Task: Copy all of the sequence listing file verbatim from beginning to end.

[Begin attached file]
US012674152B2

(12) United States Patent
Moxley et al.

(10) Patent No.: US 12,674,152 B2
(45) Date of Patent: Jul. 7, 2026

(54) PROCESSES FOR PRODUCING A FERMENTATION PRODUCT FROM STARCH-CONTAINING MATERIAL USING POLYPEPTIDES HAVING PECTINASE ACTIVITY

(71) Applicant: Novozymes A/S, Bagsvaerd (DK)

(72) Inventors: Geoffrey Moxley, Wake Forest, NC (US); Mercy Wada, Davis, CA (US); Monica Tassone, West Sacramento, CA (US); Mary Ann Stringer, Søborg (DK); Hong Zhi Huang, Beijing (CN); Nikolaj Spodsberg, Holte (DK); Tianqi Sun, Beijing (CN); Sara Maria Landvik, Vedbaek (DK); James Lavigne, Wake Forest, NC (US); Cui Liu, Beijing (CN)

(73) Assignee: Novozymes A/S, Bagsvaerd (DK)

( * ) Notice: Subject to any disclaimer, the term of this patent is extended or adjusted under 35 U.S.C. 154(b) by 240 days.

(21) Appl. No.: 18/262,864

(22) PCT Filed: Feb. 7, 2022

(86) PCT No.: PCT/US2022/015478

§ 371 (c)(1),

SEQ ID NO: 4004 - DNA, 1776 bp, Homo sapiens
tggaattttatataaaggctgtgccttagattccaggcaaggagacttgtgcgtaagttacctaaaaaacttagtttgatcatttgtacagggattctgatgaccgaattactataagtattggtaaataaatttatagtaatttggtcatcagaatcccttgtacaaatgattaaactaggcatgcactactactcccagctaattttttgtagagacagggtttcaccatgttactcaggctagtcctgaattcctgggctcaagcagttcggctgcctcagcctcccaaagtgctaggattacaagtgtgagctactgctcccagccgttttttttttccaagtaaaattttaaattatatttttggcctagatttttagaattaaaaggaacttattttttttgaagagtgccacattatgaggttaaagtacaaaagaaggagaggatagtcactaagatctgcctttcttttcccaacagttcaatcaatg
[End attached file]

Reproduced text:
US012674152B2

(12) United States Patent
Moxley et al.

(10) Patent No.: US 12,674,152 B2
(45) Date of Patent: Jul. 7, 2026

(54) PROCESSES FOR PRODUCING A FERMENTATION PRODUCT FROM STARCH-CONTAINING MATERIAL USING POLYPEPTIDES HAVING PECTINASE ACTIVITY

(71) Applicant: Novozymes A/S, Bagsvaerd (DK)

(72) Inventors: Geoffrey Moxley, Wake Forest, NC (US); Mercy Wada, Davis, CA (US); Monica Tassone, West Sacramento, CA (US); Mary Ann Stringer, Søborg (DK); Hong Zhi Huang, Beijing (CN); Nikolaj Spodsberg, Holte (DK); Tianqi Sun, Beijing (CN); Sara Maria Landvik, Vedbaek (DK); James Lavigne, Wake Forest, NC (US); Cui Liu, Beijing (CN)

(73) Assignee: Novozymes A/S, Bagsvaerd (DK)

( * ) Notice: Subject to any disclaimer, the term of this patent is extended or adjusted under 35 U.S.C. 154(b) by 240 days.

(21) Appl. No.: 18/262,864

(22) PCT Filed: Feb. 7, 2022

(86) PCT No.: PCT/US2022/015478

§ 371 (c)(1),

SEQ ID NO: 4004 - DNA, 1776 bp, Homo sapiens
tggaattttatataaaggctgtgccttagattccaggcaaggagacttgtgcgtaagttacctaaaaaacttagtttgatcatttgtacagggattctgatgaccgaattactataagtattggtaaataaatttatagtaatttggtcatcagaatcccttgtacaaatgattaaactaggcatgcactactactcccagctaattttttgtagagacagggtttcaccatgttactcaggctagtcctgaattcctgggctcaagcagttcggctgcctcagcctcccaaagtgctaggattacaagtgtgagctactgctcccagccgttttttttttccaagtaaaattttaaattatatttttggcctagatttttagaattaaaaggaacttattttttttgaagagtgccacattatgaggttaaagtacaaaagaaggagaggatagtcactaagatctgcctttcttttcccaacagttcaatcaatg